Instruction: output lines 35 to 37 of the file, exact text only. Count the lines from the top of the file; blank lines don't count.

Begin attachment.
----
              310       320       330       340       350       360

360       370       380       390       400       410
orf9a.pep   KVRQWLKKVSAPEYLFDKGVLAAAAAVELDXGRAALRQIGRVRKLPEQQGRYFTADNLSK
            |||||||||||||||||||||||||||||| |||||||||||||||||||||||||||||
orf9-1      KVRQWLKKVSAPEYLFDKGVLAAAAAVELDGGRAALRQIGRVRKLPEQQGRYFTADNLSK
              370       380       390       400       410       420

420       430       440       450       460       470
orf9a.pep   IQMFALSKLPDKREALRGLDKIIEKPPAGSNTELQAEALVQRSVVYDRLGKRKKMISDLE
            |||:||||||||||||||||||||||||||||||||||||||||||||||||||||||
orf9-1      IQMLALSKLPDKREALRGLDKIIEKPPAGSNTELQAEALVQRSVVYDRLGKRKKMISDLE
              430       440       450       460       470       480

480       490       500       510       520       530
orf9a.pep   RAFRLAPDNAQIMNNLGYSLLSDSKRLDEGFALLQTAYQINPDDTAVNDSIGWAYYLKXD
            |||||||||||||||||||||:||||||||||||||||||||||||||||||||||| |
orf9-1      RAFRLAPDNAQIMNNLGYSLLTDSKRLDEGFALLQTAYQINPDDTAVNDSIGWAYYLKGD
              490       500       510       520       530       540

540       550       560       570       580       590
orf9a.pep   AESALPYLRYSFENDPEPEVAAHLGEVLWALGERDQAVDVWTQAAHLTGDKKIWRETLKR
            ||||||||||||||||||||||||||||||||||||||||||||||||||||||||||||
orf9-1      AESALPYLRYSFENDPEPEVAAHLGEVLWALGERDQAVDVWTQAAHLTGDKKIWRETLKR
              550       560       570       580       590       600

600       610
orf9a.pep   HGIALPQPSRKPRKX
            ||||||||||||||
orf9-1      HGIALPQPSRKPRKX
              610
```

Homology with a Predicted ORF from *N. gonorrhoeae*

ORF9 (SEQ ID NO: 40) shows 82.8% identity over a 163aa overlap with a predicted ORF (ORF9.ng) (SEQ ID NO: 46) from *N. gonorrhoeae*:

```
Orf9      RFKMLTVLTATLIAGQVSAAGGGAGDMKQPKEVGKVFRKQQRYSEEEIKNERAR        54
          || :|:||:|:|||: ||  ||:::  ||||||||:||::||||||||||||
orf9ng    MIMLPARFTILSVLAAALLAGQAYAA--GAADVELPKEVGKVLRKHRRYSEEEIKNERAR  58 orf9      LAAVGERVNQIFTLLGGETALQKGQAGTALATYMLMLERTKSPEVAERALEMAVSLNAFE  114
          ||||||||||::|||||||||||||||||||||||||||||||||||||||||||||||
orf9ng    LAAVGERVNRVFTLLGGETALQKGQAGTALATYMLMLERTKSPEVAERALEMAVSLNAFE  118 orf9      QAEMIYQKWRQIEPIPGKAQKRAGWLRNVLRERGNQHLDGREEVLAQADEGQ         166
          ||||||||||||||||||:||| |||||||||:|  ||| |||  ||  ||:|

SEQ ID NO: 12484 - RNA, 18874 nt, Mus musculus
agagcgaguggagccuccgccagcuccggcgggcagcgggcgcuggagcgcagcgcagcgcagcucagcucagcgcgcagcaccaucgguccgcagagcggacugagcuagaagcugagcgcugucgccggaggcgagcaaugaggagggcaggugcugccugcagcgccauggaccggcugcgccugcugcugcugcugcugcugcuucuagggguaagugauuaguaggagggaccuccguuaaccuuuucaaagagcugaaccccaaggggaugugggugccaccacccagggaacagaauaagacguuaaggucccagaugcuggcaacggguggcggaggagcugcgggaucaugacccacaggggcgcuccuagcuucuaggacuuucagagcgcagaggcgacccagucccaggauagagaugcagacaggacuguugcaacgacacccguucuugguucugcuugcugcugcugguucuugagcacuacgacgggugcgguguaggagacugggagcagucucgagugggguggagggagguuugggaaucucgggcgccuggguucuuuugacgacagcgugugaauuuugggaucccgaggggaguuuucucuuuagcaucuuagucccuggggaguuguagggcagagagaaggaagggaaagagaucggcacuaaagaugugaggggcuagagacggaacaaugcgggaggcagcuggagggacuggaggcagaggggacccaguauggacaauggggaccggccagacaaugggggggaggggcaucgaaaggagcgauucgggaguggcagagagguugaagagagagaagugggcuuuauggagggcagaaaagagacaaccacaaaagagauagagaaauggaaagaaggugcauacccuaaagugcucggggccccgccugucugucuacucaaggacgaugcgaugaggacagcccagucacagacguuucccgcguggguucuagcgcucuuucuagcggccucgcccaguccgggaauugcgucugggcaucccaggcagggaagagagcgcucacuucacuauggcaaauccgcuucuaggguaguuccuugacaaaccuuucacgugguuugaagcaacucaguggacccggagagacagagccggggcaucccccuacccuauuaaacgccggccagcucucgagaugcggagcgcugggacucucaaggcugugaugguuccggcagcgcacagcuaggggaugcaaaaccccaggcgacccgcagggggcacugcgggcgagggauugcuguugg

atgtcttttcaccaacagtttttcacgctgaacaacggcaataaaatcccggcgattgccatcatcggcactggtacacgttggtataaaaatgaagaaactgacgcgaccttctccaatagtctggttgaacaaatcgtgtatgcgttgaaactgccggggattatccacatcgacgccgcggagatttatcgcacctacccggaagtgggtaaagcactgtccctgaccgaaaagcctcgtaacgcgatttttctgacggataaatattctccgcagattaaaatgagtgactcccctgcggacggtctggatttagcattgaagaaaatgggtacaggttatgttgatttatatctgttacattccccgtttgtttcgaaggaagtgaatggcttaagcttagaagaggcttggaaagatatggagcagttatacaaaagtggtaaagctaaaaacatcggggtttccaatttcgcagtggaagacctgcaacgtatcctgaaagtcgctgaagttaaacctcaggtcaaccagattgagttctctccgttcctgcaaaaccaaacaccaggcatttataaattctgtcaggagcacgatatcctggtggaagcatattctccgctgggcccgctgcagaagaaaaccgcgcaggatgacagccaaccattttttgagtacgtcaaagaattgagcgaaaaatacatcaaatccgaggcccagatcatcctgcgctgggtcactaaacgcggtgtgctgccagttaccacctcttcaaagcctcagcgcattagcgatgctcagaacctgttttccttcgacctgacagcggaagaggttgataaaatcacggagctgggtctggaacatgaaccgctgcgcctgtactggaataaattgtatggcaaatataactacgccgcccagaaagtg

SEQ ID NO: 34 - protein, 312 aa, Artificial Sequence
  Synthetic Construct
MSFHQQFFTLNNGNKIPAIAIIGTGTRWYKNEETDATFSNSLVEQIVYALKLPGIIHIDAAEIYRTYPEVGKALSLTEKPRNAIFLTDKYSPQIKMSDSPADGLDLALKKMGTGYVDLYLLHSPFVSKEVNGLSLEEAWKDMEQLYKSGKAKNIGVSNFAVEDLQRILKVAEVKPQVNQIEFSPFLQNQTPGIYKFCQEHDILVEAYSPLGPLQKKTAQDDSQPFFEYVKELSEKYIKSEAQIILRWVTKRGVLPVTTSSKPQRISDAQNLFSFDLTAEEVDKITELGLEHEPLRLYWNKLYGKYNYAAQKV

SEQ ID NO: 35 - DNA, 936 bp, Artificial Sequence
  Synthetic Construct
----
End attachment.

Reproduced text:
orf9ng    LAAVGERVNRVFTLLGGETALQKGQAGTALATYMLMLERTKSPEVAERALEMAVSLNAFE  118 orf9      QAEMIYQKWRQIEPIPGKAQKRAGWLRNVLRERGNQHLDGREEVLAQADEGQ         166
          ||||||||||||||||||:||| |||||||||:|  ||| |||  ||  ||:|

SEQ ID NO: 12484 - RNA, 18874 nt, Mus musculus